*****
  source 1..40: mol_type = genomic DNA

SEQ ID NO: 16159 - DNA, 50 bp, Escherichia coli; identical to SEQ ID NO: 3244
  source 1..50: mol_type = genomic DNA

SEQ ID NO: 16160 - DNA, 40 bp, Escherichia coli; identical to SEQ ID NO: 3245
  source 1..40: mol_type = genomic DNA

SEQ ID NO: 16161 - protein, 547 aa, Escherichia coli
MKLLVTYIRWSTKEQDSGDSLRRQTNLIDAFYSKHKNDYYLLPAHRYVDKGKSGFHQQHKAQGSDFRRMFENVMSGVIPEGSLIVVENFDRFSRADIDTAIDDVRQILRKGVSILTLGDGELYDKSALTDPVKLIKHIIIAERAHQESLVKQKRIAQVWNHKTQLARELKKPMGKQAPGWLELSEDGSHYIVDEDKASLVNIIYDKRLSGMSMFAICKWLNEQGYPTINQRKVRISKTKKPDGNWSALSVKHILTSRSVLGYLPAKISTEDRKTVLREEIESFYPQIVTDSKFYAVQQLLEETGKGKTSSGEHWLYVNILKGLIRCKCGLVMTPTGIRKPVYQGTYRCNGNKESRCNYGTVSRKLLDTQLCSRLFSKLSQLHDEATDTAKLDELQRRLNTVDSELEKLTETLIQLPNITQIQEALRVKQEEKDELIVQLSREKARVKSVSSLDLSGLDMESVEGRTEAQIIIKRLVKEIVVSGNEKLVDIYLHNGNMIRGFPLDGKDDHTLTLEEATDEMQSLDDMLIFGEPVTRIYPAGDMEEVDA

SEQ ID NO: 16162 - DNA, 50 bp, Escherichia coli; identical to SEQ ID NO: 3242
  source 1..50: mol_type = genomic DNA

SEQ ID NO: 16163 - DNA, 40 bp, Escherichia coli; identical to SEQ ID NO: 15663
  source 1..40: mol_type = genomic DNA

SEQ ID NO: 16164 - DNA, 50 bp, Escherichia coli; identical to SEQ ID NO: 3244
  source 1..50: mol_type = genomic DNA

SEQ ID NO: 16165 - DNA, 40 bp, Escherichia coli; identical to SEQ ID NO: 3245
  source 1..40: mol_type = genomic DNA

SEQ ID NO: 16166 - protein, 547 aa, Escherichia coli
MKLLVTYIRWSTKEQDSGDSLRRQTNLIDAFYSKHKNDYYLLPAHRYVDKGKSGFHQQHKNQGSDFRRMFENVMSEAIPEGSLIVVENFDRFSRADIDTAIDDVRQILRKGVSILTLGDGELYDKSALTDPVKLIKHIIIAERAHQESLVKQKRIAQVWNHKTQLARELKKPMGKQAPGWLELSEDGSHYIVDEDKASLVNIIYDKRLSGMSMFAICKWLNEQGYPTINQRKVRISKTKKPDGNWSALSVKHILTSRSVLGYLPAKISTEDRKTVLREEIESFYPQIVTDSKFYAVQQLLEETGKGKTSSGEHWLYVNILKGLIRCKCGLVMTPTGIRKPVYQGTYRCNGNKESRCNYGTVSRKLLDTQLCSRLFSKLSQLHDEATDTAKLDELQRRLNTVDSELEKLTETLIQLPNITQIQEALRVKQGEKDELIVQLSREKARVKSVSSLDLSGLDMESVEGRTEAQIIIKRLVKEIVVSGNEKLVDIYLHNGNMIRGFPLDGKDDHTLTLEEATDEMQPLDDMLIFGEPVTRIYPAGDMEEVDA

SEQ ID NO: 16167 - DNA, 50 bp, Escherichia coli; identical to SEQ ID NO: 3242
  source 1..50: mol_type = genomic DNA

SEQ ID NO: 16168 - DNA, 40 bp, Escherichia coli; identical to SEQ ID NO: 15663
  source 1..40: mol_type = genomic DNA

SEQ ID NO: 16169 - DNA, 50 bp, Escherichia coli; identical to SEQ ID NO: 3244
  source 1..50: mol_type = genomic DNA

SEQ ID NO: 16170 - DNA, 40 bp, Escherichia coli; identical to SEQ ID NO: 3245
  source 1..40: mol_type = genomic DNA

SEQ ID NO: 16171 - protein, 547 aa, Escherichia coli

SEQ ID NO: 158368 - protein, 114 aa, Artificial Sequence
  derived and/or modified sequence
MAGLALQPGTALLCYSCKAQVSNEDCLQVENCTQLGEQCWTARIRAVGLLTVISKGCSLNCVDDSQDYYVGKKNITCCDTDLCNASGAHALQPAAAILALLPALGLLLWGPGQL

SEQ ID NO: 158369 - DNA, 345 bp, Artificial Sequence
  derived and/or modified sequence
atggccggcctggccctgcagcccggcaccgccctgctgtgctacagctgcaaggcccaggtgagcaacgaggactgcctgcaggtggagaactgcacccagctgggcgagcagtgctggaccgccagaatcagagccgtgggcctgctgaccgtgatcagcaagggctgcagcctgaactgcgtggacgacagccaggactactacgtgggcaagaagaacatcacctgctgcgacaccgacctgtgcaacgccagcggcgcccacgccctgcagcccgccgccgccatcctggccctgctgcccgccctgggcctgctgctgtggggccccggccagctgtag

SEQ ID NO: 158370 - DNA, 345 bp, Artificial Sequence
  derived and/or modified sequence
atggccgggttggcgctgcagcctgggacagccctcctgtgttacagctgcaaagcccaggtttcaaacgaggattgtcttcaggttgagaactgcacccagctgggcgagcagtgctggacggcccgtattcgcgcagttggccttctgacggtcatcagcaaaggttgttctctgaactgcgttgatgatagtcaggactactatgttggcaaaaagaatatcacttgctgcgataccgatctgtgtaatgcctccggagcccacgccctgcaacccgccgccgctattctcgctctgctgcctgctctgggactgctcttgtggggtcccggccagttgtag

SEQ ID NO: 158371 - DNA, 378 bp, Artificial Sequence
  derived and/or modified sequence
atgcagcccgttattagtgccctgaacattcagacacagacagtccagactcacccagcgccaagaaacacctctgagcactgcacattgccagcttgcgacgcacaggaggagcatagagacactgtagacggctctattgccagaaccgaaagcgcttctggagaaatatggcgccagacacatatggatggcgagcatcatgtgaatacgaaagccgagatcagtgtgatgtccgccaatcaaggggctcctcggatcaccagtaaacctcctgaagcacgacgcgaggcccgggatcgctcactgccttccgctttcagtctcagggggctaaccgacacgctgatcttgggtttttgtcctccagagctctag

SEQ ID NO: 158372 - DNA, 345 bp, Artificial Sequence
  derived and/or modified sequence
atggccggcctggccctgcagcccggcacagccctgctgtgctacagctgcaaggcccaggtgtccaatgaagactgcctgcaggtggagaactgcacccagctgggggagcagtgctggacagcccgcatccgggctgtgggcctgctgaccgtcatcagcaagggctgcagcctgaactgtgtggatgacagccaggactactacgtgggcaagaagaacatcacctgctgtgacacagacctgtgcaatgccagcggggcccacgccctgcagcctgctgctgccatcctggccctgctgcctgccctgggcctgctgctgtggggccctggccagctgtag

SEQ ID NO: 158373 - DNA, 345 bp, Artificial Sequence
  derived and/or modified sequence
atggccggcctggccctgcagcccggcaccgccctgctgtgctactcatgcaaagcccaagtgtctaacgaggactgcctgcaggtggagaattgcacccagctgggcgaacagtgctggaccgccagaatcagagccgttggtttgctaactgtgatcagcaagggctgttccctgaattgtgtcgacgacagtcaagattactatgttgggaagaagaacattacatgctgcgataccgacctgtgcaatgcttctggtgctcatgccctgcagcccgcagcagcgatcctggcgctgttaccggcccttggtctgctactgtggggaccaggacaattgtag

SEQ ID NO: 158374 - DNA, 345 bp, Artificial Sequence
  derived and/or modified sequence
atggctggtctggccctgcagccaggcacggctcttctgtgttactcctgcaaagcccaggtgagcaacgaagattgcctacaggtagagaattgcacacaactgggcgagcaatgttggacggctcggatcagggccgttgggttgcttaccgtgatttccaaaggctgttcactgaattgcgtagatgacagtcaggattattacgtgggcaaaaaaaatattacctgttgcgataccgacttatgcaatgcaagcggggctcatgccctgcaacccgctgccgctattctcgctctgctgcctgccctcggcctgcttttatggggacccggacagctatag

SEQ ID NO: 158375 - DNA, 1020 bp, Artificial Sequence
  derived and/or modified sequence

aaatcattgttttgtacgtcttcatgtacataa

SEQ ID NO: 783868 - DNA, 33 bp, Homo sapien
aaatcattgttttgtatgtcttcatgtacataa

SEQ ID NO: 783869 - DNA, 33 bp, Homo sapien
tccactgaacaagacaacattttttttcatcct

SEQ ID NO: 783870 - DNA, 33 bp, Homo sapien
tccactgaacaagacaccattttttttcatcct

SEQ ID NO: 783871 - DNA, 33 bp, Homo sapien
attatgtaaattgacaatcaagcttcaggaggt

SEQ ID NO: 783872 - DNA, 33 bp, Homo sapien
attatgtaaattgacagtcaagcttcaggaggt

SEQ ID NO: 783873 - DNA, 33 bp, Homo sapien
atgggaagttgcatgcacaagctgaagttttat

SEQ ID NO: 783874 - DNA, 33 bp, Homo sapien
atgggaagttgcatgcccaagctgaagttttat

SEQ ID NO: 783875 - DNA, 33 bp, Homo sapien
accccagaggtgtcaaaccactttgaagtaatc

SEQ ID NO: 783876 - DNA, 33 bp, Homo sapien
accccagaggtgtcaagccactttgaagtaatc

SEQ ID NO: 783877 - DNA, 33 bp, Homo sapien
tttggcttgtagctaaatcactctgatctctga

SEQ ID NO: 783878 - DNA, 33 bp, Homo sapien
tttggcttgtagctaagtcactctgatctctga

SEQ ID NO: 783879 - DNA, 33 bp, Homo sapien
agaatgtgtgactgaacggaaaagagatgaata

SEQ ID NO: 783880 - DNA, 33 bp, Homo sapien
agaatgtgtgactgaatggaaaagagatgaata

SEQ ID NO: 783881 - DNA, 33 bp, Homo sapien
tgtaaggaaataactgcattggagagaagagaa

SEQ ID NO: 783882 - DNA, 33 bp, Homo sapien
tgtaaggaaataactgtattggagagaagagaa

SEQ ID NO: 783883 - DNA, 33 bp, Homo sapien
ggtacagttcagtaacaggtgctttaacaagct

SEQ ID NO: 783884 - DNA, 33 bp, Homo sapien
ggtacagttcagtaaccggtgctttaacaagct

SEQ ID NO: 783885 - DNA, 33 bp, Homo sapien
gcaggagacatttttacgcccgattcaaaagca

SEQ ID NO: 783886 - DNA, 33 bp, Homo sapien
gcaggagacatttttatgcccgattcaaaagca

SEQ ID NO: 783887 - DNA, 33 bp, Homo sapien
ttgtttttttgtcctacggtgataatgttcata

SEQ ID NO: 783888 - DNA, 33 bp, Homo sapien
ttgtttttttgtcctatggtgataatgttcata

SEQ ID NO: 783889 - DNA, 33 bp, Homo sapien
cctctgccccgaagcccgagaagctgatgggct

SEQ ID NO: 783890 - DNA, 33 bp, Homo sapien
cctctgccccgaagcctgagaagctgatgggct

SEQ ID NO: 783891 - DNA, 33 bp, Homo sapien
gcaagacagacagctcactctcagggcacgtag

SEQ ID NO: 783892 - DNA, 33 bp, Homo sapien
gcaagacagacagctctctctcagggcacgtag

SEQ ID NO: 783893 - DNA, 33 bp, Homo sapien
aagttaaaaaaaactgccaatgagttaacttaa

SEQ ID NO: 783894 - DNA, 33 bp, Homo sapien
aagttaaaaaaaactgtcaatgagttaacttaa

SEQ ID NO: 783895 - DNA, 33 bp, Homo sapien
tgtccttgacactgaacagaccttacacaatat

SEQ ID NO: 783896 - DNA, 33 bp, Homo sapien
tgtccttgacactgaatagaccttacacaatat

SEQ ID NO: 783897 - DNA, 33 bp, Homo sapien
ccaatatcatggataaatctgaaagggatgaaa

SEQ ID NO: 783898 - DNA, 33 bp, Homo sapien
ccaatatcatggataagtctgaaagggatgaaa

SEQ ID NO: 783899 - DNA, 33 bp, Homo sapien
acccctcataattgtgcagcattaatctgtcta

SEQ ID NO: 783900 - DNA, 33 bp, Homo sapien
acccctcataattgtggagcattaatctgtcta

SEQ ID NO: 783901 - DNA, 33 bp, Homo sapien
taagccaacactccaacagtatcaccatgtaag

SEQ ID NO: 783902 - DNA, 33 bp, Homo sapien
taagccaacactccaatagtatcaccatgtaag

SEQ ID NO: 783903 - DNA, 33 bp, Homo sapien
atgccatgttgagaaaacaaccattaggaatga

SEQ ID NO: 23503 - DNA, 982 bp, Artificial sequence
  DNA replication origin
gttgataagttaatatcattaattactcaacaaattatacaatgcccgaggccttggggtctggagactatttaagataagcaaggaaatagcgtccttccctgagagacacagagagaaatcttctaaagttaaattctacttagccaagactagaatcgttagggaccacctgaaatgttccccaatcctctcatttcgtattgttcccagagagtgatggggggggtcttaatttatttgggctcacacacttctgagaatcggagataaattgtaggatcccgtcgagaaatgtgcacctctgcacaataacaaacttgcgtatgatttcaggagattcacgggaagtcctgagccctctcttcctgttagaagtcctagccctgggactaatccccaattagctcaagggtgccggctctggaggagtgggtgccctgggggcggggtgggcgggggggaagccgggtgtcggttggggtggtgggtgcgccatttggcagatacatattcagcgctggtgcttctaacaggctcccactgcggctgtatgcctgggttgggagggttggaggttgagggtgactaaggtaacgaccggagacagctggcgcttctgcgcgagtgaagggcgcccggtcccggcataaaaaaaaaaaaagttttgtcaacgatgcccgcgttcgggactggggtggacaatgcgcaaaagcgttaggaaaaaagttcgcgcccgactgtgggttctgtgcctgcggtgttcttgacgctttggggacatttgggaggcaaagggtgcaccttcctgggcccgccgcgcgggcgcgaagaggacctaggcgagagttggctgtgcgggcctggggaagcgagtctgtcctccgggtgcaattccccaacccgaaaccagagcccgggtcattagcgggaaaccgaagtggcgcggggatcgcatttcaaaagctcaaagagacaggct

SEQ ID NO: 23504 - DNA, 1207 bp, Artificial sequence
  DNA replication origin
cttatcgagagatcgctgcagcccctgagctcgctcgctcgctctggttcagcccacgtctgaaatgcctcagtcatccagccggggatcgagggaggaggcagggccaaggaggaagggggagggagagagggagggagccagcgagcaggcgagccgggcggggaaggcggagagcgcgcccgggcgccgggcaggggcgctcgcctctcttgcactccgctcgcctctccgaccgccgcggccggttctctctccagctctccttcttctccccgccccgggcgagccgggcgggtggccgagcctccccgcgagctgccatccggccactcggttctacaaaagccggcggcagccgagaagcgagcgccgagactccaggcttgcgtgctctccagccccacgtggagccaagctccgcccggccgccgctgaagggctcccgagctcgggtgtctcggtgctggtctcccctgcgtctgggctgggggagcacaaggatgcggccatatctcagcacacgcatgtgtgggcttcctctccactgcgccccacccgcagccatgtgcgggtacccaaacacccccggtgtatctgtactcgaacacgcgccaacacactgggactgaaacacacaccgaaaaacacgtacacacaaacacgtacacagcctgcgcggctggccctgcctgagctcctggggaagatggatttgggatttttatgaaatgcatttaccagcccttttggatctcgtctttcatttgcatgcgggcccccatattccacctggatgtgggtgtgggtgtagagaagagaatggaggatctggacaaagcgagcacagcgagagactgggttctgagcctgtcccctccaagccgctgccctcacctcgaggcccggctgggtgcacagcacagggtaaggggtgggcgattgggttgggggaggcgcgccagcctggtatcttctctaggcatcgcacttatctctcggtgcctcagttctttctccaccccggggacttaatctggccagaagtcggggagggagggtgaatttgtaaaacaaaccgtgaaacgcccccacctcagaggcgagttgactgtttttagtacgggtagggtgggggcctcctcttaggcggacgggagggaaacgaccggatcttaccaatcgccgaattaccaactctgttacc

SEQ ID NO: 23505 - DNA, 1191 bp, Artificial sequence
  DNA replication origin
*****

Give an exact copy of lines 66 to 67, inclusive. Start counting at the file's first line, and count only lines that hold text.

accccagaggtgtcaaaccactttgaagtaatc

SEQ ID NO: 783876 - DNA, 33 bp, Homo sapien